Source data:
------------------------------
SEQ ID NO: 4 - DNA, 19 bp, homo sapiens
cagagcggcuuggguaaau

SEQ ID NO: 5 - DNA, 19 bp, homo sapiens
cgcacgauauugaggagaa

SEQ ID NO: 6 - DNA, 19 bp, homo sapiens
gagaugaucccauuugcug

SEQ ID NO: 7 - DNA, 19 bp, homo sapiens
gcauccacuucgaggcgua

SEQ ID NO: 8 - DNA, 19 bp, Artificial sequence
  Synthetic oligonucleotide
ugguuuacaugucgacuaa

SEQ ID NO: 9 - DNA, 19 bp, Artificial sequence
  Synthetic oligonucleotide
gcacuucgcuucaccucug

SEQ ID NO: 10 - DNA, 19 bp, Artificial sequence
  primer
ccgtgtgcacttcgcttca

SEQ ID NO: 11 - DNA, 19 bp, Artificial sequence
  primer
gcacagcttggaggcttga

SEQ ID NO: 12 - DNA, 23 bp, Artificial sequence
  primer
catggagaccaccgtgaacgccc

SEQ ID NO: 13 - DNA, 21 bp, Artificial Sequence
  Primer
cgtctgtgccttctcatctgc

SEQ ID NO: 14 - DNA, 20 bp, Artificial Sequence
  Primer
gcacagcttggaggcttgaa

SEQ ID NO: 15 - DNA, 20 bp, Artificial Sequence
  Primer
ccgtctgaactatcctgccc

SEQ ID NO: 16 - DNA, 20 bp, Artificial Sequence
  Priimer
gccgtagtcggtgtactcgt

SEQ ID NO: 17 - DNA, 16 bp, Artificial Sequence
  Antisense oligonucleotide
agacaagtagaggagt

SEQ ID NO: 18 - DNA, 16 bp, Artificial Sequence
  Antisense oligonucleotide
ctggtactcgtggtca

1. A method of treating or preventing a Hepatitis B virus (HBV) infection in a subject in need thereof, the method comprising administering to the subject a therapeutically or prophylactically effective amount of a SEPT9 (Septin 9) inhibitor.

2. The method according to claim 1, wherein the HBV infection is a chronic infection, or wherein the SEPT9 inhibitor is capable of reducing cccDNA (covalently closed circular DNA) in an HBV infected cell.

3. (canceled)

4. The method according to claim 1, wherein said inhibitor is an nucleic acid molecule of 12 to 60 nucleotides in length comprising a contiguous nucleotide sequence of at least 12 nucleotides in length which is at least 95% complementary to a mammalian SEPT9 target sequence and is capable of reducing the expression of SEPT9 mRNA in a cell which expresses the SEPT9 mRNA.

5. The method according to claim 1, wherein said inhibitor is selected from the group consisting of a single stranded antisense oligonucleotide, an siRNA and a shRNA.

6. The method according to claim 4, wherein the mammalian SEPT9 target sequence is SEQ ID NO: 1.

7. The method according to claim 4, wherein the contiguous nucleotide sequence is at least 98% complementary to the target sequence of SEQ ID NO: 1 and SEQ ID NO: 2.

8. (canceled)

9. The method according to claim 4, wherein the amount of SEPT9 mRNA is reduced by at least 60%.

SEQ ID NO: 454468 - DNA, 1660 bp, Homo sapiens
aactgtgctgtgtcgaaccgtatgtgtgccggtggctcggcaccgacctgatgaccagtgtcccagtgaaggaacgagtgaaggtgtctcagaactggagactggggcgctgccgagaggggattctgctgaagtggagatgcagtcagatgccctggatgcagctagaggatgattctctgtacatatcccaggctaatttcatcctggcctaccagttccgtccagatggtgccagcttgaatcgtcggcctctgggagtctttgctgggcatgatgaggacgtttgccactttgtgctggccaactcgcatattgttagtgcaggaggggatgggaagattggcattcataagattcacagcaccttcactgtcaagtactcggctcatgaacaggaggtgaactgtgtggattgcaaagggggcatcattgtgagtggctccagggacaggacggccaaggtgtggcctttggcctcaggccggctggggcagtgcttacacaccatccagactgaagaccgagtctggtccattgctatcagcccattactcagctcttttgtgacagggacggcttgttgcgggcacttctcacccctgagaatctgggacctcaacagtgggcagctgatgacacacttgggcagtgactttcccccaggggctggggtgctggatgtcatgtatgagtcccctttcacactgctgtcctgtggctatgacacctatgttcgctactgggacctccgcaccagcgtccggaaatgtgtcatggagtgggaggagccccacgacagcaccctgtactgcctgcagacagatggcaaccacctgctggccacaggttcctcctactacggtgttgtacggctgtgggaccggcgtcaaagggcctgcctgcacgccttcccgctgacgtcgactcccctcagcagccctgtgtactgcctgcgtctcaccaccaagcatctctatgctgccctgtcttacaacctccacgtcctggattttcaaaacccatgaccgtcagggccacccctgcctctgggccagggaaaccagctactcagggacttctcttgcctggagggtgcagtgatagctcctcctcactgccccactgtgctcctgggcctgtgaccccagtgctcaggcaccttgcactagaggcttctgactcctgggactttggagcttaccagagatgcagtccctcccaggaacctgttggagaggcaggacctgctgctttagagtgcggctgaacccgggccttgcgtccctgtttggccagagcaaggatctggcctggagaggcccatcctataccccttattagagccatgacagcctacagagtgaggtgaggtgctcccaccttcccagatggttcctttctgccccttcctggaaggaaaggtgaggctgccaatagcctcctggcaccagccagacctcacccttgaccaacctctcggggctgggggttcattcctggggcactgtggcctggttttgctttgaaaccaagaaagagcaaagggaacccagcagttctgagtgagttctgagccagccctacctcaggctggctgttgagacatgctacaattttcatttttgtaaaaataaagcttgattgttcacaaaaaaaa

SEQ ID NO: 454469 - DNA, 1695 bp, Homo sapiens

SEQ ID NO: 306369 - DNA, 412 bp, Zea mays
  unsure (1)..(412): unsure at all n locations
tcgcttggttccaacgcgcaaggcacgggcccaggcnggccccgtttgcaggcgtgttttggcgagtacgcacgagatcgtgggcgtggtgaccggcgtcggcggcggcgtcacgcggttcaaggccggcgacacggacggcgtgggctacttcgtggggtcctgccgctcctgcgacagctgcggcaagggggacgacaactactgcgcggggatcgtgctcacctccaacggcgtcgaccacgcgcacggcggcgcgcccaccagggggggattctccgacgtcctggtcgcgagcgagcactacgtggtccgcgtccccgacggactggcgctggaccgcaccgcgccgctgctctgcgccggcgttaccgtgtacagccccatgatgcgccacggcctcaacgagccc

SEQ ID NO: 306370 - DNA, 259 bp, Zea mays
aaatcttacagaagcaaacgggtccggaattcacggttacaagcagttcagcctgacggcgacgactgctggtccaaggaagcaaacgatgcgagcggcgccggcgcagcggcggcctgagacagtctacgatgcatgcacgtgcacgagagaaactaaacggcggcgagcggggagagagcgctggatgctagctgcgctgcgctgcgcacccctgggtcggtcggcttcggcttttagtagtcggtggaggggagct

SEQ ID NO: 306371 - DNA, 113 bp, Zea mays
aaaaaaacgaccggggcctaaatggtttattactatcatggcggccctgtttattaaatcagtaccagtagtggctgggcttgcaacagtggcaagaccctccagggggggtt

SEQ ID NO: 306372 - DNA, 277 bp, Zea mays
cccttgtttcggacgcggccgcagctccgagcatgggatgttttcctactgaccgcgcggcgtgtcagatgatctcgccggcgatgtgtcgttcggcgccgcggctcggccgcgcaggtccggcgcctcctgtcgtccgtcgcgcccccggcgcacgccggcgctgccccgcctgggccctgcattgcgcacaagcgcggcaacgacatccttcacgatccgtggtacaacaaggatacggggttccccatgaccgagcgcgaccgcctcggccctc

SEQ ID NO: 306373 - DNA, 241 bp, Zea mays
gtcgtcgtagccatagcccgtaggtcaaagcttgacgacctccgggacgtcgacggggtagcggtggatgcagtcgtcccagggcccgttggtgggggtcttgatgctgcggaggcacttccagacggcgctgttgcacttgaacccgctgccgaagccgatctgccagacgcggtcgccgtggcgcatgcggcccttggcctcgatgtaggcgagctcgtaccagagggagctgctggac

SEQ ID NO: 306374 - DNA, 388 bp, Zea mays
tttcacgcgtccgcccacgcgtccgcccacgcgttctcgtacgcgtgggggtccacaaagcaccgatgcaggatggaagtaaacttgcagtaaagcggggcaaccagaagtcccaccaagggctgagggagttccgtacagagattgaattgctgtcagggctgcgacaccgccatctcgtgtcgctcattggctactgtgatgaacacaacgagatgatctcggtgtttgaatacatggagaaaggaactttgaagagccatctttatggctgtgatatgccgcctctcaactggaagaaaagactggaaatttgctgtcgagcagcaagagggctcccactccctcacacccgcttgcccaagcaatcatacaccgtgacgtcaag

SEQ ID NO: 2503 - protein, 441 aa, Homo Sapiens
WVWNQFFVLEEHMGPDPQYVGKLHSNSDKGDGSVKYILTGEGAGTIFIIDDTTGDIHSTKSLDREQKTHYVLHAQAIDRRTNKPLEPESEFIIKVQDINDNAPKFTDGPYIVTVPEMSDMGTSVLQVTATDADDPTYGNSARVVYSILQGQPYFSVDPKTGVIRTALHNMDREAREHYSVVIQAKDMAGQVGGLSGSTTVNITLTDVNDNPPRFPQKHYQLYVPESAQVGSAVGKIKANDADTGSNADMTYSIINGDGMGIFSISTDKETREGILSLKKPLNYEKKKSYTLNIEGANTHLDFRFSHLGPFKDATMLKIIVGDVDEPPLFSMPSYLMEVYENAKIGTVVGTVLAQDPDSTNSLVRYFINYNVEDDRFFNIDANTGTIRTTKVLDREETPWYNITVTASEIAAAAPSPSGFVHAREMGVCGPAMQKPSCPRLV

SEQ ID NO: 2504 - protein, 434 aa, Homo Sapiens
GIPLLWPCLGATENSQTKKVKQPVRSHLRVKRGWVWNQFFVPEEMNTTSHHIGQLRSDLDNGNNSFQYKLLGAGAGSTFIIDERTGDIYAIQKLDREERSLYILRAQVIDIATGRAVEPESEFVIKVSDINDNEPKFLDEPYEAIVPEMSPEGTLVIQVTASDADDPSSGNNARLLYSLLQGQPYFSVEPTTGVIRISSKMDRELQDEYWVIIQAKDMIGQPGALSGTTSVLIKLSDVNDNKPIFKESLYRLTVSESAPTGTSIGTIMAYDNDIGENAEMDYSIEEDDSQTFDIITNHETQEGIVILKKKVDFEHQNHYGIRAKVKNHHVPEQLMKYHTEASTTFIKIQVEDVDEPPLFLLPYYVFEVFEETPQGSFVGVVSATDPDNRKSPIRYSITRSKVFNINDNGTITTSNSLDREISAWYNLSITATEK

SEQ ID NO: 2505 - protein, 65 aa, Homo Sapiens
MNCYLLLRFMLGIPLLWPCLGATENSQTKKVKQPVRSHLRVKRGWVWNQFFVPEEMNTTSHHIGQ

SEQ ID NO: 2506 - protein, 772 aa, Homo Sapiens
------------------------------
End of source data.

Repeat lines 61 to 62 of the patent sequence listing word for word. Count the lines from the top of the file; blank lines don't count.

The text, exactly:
SEQ ID NO: 306372 - DNA, 277 bp, Zea mays
cccttgtttcggacgcggccgcagctccgagcatgggatgttttcctactgaccgcgcggcgtgtcagatgatctcgccggcgatgtgtcgttcggcgccgcggctcggccgcgcaggtccggcgcctcctgtcgtccgtcgcgcccccggcgcacgccggcgctgccccgcctgggccctgcattgcgcacaagcgcggcaacgacatccttcacgatccgtggtacaacaaggatacggggttccccatgaccgagcgcgaccgcctcggccctc